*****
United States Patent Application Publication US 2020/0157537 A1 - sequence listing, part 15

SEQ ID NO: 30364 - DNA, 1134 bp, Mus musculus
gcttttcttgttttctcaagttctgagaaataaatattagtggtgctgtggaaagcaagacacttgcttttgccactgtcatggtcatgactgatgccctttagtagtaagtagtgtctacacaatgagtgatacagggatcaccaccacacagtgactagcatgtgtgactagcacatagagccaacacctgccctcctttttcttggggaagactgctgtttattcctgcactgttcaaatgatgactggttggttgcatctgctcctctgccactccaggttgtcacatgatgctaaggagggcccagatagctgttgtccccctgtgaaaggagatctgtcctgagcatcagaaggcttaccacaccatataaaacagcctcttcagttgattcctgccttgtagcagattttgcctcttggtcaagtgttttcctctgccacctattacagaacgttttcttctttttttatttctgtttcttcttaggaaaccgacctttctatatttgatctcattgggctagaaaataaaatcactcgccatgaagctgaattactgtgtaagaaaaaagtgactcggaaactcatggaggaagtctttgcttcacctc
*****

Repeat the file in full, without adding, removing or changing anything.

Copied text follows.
United States Patent Application Publication US 2020/0157537 A1 - sequence listing, part 15

SEQ ID NO: 30364 - DNA, 1134 bp, Mus musculus
gcttttcttgttttctcaagttctgagaaataaatattagtggtgctgtggaaagcaagacacttgcttttgccactgtcatggtcatgactgatgccctttagtagtaagtagtgtctacacaatgagtgatacagggatcaccaccacacagtgactagcatgtgtgactagcacatagagccaacacctgccctcctttttcttggggaagactgctgtttattcctgcactgttcaaatgatgactggttggttgcatctgctcctctgccactccaggttgtcacatgatgctaaggagggcccagatagctgttgtccccctgtgaaaggagatctgtcctgagcatcagaaggcttaccacaccatataaaacagcctcttcagttgattcctgccttgtagcagattttgcctcttggtcaagtgttttcctctgccacctattacagaacgttttcttctttttttatttctgtttcttcttaggaaaccgacctttctatatttgatctcattgggctagaaaataaaatcactcgccatgaagctgaattactgtgtaagaaaaaagtgactcggaaactcatggaggaagtctttgcttcacctc